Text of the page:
How to Verify Information About Health Issues

istock_000011867637xsmall.jpg

Since I am somewhat new to ModernMom and have recently begun posting about health, I want to let you know where I get the information for my posts and for when I respond to questions and comments. 

I think this is important, as there is a lot of misinformation on websites dedicated to health that is not research-based or credible.   While I have a lot of experience in women’s health, I still rely on sources that I trust so I can be factual and current. 

Where do I go?

1. National Institute of Health (NIH)

The NIH is “ the nation’s medical research agency – supporting scientific studies that turn discovery into health.”  At the NIH website, you can find comprehensive health information about all kinds of topics and conditions.  The NIH information is backed up by clinical research and credible studies conducted in a methodical and scientific way.   Their site is easy to navigate and you can find all kinds of health information.  They also have a section specific to women’s health.

2. Medical Organizations

A site I visit frequently is The American Congress of Obstetricians and Gynecologists (ACOG).  They have an ACOG patient page, which houses the latest consumer brochures from leading experts in women’s healthcare.  Often I link to a brochure or topic area, as the brochures are written so that even those who aren’t medical professionals can understand the content.  Another favorite site of mine to reference is the Association of Women’s Health, Obstetric and Neonatal Nurses (AWHONN).  They also have a resource area with research, education and health policy.    Most professional medical organizations have sites that contain the same type of information, relevant to the disease state or overall topic area.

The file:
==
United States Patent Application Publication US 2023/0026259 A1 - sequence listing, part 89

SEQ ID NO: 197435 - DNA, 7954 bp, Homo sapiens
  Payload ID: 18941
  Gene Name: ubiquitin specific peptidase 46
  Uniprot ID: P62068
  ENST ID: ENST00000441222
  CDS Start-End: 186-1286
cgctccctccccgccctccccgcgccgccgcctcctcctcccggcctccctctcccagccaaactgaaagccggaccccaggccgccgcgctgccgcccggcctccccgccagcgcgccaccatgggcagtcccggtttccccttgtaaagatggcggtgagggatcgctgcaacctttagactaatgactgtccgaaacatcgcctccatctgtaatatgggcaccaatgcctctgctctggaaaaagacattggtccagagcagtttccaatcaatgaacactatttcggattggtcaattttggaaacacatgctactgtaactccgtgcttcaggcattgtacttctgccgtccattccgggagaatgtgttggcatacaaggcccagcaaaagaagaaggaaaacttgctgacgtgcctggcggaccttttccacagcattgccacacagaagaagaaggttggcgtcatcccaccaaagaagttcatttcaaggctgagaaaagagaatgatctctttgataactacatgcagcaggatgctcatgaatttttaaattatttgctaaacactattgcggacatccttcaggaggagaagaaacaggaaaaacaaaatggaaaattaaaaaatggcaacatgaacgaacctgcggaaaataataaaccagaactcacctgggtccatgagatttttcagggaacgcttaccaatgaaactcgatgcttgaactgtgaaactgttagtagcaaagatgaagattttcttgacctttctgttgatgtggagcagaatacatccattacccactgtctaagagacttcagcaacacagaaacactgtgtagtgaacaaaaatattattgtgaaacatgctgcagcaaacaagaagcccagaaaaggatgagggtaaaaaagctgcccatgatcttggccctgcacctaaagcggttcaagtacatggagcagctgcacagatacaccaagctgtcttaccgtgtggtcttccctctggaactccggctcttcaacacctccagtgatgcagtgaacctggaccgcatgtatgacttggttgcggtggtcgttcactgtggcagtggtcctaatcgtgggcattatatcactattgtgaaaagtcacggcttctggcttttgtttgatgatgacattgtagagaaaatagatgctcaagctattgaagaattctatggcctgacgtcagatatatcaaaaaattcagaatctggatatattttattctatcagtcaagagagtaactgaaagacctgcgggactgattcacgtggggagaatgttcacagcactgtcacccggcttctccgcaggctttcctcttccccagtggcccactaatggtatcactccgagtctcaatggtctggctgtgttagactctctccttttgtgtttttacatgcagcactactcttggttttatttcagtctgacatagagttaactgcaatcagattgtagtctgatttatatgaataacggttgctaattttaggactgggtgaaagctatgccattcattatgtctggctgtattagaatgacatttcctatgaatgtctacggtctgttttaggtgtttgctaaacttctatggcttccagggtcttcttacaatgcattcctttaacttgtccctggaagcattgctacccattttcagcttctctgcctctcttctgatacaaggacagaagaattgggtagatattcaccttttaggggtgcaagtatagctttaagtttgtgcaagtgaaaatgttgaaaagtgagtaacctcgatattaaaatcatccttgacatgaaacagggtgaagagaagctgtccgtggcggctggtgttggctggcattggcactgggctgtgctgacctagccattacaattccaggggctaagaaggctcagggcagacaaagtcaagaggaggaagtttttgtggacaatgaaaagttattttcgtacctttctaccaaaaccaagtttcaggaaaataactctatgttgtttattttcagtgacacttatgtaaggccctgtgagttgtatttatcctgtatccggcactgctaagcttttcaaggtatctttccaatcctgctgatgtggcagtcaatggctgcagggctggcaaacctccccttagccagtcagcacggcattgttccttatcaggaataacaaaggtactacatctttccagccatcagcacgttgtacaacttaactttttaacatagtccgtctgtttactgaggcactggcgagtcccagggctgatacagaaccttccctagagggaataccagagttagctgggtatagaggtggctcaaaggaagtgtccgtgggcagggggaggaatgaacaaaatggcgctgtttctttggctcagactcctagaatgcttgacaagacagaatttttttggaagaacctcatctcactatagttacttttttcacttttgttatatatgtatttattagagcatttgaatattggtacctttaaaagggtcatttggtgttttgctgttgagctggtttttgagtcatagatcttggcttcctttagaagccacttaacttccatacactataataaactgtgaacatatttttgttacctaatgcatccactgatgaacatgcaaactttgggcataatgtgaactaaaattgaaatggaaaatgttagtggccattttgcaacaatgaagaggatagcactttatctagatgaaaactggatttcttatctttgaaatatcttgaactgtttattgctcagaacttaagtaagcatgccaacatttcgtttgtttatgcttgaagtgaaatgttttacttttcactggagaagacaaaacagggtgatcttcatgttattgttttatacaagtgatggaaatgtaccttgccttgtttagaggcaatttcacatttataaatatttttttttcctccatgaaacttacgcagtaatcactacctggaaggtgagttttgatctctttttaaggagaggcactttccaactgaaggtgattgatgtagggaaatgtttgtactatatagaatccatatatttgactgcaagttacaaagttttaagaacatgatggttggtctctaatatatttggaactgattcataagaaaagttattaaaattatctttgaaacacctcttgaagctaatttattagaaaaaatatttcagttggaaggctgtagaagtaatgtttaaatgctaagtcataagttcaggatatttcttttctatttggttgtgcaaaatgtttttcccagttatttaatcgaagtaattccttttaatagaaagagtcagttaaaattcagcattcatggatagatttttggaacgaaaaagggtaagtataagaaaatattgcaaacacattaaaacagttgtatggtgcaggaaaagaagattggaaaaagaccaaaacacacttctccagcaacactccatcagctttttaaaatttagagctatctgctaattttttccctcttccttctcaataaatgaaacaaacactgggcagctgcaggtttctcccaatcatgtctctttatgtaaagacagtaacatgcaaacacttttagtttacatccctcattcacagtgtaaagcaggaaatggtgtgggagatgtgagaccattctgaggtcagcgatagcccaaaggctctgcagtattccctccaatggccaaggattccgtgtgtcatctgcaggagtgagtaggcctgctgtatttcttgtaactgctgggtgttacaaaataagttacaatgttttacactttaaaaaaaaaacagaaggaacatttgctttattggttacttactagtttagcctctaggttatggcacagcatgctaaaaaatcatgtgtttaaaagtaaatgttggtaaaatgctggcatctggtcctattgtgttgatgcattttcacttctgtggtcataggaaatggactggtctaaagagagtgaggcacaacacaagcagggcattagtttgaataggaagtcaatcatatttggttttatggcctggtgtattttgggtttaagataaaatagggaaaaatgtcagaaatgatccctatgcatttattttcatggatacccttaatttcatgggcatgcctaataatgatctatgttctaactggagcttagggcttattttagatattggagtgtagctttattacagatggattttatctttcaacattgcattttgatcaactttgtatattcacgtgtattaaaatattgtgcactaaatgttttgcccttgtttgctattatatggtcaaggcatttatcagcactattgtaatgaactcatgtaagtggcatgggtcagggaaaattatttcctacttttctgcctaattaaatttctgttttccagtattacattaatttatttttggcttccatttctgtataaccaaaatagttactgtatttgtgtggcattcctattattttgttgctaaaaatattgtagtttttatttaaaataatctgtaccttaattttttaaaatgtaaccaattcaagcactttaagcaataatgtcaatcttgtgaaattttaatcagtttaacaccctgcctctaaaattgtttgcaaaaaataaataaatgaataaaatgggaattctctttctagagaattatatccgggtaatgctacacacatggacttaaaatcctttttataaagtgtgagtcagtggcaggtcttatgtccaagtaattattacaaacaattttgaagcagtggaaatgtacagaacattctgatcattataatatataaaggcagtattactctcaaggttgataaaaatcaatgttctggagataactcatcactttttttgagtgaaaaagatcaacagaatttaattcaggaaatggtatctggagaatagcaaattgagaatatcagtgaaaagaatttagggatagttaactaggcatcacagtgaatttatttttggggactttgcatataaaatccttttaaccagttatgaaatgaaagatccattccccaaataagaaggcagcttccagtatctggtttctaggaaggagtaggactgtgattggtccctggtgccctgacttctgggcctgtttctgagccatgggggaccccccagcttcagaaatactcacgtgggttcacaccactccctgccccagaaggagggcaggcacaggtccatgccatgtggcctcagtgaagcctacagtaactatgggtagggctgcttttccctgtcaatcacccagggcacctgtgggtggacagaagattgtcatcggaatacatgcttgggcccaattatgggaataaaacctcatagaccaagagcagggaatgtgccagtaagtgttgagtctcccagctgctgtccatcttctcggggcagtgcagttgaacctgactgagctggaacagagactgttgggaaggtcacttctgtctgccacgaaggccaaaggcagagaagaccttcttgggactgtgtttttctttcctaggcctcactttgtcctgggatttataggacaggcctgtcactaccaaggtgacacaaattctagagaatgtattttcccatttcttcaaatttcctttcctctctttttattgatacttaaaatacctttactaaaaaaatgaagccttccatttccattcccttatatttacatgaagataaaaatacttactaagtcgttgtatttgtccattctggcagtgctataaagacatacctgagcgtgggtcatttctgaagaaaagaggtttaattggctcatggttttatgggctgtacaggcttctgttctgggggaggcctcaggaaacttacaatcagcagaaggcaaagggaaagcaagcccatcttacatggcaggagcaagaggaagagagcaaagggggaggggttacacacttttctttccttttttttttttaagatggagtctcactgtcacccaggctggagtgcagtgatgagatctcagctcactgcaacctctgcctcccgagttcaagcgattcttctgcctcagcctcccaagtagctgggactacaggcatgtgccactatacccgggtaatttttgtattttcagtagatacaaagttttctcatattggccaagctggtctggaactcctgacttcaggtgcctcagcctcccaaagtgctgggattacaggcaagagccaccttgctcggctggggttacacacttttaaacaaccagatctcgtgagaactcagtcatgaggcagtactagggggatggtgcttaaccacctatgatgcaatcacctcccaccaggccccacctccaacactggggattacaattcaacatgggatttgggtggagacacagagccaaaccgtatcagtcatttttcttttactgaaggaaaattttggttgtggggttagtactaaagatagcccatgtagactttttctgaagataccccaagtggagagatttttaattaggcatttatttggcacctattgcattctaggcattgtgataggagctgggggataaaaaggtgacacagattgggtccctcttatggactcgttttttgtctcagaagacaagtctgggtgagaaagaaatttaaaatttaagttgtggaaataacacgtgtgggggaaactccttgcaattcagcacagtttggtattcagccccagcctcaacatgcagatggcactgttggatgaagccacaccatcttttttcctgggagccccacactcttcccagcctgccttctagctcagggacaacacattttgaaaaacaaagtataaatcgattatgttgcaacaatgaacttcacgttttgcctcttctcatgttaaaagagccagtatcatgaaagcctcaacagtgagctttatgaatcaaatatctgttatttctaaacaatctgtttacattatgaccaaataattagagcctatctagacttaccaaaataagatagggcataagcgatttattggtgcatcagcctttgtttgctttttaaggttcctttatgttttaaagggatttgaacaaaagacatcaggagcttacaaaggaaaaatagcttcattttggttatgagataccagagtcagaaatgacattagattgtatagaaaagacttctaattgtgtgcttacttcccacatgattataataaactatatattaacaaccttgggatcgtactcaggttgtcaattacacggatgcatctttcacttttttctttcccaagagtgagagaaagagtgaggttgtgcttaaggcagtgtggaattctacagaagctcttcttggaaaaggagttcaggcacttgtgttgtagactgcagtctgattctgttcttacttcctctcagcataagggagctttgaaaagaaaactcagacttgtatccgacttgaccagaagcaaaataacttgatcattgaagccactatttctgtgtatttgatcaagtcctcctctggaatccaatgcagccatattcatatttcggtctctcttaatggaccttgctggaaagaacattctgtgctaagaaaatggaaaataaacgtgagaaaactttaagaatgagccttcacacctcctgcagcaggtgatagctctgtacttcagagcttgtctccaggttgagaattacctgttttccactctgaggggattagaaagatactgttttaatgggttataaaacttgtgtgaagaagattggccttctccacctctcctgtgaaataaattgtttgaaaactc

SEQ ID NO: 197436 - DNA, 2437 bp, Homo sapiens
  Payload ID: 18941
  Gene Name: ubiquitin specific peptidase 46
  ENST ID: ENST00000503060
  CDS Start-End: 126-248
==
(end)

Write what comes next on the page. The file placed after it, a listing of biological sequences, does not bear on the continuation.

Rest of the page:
3. The US Food and Drug Administration (FDA)

The FDA site has information on food, drugs, medical devices, and cosmetics, amongst others.   Also there is the latest medical or health news and events, as well as a place to report a problem with a product or advertisement, criminal activity etc.    I usually access drug information on the FDA site, though most pharmaceutical company sites have similar information about their drugs, as the FDA requires it.

4. Facebook

Facebook probably isn’t on your list of top sources for health information, but many brands these days use Facebook as a way to communicate and educate consumers on their products. Several brand pages, such as the Always Facebook page, regularly engage fans with up-to-date information and address any questions or concerns. Be careful to use the official brand page, however, as there are a lot of bogus Facebook pages out there!

5. Centers for Disease Control and Prevention (CDC)

Love this site.  On their home page they have easy to maneuver sections on health and safety topics, such as diseases and conditions, emergency preparedness and response, healthy living, travelers health, and more.  It is definitely worth visiting the site’s content area.

6. Medically reviewed articles

I sometimes go to sites like WebMD, as they have medically authored and/or reviewed articles that are easy to find and understand. .  Some product sites also have excellent information, but it’s important to check out the references.  The key here is to look at who authored the article, what is his or her educational background is and whether anyone else reviewed the content.  As a nurse, I like articles that are written primarily by a medical professional  or articles that have been reviewed by medical professionals for content accuracy.   Also, check the dates of the research being used for the article or opinion.  Research that is older than 10 years is often outdated. You can find more recent information out there that is more relevant to your needs and the current state of the topic, product or disease state.   However, sometimes research that is older than 10 years may have well-accepted conclusions that is worthy of consideration. 

Now that you know me a bit better, I hope you feel free to ask away with confidence.  Also, if you like to do your own research, there is no doubt that if you begin with the resources I have shared that you will have fact based info provided by true health experts.

Elaine Plummer is a health expert for Always and Tampax.

Comments

comments

Leave a Reply